Basic Concepts

Before we begin our in-depth description of CScout's operation it is important to define the basic concepts we will encounter: identifiers, functions, and files. Although you may think you know what these elements stand for, in the CScout universe they have meanings sligthly different from what you may be used to.

Identifiers

A CScout identifier is the longest character sequence that can be correctly modified (e.g. renamed) in isolation. Identifiers that will have to be renamed in unison to obtain a correct program are grouped together and are treated as a single entity. Although you may think that, according to our definition, CScout identifiers are the same as C identifiers, this is the case only in the absence of the C preprocessor.

First of all, the preprocessor token concatenation feature can result in C identifiers that are composed of multiple CScout identifiers. Consider the following example, which uses a macro to define a number of different functions. (Yes, I am familiar with the C++ templates, this is just an example.)

#define typefun(name, type, op) \
type type ## _ ## name(type a, type b) { return a op b; }

typefun(add, int, +)
typefun(sub, int, -)
typefun(mul, int, *)
typefun(div, int, /)
typefun(add, double, +)
typefun(sub, double, -)
typefun(mul, double, *)
typefun(div, double, /)

main()
{
        printf("%d\n", int_add(5, 4));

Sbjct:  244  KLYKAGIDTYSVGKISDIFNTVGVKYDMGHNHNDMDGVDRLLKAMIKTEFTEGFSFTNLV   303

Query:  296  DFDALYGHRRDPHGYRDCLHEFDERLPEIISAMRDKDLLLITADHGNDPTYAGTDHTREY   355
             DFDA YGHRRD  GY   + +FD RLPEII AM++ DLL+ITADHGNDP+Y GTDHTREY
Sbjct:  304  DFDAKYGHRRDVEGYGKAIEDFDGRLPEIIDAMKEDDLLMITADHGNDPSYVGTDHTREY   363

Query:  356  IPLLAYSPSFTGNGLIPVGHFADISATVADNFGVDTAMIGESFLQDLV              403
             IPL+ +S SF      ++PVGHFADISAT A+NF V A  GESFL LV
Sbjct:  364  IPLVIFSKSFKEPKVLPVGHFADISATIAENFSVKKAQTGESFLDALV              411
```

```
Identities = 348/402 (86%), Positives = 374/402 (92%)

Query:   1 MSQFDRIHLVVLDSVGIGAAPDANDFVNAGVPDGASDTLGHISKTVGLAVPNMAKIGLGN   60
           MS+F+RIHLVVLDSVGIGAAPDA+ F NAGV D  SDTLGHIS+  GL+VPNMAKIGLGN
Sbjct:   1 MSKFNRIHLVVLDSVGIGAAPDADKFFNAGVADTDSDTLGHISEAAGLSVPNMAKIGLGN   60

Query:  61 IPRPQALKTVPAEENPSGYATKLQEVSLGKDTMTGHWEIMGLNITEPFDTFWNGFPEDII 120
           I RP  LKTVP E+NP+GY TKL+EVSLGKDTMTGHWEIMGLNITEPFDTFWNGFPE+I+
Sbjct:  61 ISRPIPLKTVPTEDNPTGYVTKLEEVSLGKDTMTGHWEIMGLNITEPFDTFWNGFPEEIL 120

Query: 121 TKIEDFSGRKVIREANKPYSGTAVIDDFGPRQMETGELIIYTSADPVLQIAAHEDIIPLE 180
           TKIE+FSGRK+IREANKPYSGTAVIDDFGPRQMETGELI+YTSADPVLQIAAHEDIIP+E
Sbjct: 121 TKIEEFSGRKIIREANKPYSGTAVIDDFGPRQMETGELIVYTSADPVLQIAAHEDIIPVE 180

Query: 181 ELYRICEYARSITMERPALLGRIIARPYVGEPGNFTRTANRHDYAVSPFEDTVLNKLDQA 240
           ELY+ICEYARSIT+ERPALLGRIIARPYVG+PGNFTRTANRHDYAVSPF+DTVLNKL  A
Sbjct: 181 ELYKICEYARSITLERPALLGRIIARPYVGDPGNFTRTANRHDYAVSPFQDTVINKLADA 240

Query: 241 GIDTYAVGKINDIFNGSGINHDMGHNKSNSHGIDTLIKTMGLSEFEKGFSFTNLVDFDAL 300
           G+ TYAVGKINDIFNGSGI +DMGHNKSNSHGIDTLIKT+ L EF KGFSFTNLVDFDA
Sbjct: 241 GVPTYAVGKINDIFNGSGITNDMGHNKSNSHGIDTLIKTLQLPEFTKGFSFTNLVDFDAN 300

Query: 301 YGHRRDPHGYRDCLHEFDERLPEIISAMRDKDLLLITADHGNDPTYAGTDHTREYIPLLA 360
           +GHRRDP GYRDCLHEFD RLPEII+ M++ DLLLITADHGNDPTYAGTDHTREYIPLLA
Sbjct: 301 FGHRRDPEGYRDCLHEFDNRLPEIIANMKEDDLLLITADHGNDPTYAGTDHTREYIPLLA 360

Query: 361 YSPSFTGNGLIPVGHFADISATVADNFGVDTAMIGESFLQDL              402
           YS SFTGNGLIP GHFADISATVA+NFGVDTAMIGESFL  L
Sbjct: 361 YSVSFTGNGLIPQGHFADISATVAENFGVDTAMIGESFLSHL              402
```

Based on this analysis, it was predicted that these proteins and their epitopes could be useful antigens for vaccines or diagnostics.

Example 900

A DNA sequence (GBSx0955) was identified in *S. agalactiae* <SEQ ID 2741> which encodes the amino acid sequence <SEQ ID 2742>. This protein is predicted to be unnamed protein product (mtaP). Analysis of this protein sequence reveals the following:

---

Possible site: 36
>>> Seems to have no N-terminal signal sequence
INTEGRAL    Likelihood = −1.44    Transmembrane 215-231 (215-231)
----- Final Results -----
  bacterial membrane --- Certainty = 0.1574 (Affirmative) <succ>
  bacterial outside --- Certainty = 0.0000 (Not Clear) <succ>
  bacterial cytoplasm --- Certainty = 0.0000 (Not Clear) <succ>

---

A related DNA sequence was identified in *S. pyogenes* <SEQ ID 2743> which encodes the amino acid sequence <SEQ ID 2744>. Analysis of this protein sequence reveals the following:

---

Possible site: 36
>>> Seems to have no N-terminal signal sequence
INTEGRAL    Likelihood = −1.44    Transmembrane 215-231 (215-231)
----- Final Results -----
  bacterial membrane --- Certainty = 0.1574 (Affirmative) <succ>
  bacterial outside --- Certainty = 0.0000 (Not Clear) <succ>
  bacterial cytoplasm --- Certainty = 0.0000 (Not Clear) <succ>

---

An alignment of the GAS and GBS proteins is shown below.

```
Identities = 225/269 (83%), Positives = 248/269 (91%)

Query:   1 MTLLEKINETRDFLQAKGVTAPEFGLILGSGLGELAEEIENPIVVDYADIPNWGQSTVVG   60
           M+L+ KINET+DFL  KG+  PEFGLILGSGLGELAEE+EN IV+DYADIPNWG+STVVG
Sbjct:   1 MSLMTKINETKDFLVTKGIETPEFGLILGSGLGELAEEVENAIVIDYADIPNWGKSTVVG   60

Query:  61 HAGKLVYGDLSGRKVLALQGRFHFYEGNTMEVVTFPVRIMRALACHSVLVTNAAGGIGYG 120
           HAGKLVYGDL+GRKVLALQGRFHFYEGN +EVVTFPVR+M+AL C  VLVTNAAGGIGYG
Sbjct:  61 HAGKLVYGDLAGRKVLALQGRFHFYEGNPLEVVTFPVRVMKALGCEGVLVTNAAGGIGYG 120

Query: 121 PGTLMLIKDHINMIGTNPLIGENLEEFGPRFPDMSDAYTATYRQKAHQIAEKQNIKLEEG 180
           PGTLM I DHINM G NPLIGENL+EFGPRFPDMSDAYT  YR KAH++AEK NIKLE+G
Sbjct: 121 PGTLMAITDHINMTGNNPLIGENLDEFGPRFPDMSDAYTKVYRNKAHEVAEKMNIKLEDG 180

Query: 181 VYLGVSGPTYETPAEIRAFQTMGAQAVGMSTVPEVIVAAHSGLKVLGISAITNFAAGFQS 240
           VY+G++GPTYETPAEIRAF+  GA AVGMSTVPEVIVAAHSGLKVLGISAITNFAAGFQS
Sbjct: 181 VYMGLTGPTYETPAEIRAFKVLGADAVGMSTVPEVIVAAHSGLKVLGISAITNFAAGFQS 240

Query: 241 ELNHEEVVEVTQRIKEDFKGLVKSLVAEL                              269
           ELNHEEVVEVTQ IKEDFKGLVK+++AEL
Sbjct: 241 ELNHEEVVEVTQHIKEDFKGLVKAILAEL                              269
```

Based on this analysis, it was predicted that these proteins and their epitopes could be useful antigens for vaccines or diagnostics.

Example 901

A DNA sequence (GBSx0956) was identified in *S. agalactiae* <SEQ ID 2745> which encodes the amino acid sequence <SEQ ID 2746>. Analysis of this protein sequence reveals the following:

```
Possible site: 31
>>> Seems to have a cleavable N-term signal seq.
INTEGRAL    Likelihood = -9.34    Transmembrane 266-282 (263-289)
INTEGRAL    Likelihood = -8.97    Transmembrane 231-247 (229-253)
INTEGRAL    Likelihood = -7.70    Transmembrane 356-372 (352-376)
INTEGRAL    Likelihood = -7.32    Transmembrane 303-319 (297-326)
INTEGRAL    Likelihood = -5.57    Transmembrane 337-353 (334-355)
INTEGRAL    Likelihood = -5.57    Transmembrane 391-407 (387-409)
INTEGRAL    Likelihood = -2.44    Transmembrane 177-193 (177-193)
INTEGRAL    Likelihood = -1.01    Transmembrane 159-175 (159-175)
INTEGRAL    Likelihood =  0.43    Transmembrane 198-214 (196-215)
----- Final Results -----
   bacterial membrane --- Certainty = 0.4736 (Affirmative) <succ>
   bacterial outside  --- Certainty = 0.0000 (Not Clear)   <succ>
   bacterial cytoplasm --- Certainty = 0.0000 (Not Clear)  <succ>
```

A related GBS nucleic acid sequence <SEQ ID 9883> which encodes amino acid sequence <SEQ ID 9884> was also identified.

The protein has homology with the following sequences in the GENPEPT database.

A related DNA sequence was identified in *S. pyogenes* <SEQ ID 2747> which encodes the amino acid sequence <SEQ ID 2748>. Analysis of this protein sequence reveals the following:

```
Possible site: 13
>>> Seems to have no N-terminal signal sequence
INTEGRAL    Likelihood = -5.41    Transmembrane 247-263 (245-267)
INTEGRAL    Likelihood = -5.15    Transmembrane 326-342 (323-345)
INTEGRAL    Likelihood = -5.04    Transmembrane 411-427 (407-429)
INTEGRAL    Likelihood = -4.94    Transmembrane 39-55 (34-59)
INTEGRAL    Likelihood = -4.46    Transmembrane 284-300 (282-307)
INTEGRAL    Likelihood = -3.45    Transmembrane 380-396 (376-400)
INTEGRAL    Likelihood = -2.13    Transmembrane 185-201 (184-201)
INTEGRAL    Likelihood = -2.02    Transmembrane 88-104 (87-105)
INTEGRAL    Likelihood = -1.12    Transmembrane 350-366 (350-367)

printf("%g\n", double_mul(3.14, 2.0));
}
In the CScout environment the int_add C identifier is actually composed of three separate parts:
  1. int
  2. _
  3. add
Renaming the int identifier into integer would change it in five different places: the argument to the four typefun macro invocations, and the part of int_add.

In addition, preprocessor macro definitions can confuse the notion of the C scope, bringing together scopes that would be considered separate in the context of the C language-proper. Consider the following (slightly contrived) example:

struct foo {
        int foo;
};

struct bar {
        int foo;
};

#define getpart(tag, name) (((struct tag *)p)->name)
#define getfoo(var) (var.foo)
#define get(name) (name(0) + ((struct name *)p)->name)
#define conditional(x) do {if (!x(0)) goto x; return x(0);} while(0)

int
foo(void *p)
{
        struct foo f;
        struct bar b;

foo:
        if (p && getpart(foo, foo))
                return getpart(bar, foo);
        else if (getfoo(f))
                return get(foo);
        else if (getfoo(b))
                conditional(foo);
        else
                return 0;
}
The identifier foo is occuring in a number of different scopes: Yet, the preprocessor macros and their use bring all the scopes together. If we decide to change one instance of the foo identifier, CScout will change all the instances marked below, in order to obtain a program that has the same meaning as the original one.

Identifier foo: test.c

(Use the tab key to move to each marked element.)


struct foo {
        int foo;
};

struct bar {
        int foo;
};

#define getpart(tag, name) (((struct tag *)p)->name)
#define getfoo(var) (var.foo)
#define get(name) (name(0) + ((struct name *)p)->name)
#define conditional(x) do {if (!x(0)) goto x; return x(0);} while(0)

int
foo(void *p)
{
        struct foo f;
        struct bar b;

foo:
        if (p && getpart(foofoo))
                return getpart(bar, foo);
        else if (getfoo(f))
                return get(foo);
        else if (getfoo(b))
                conditional(foo);
        else
                return 0;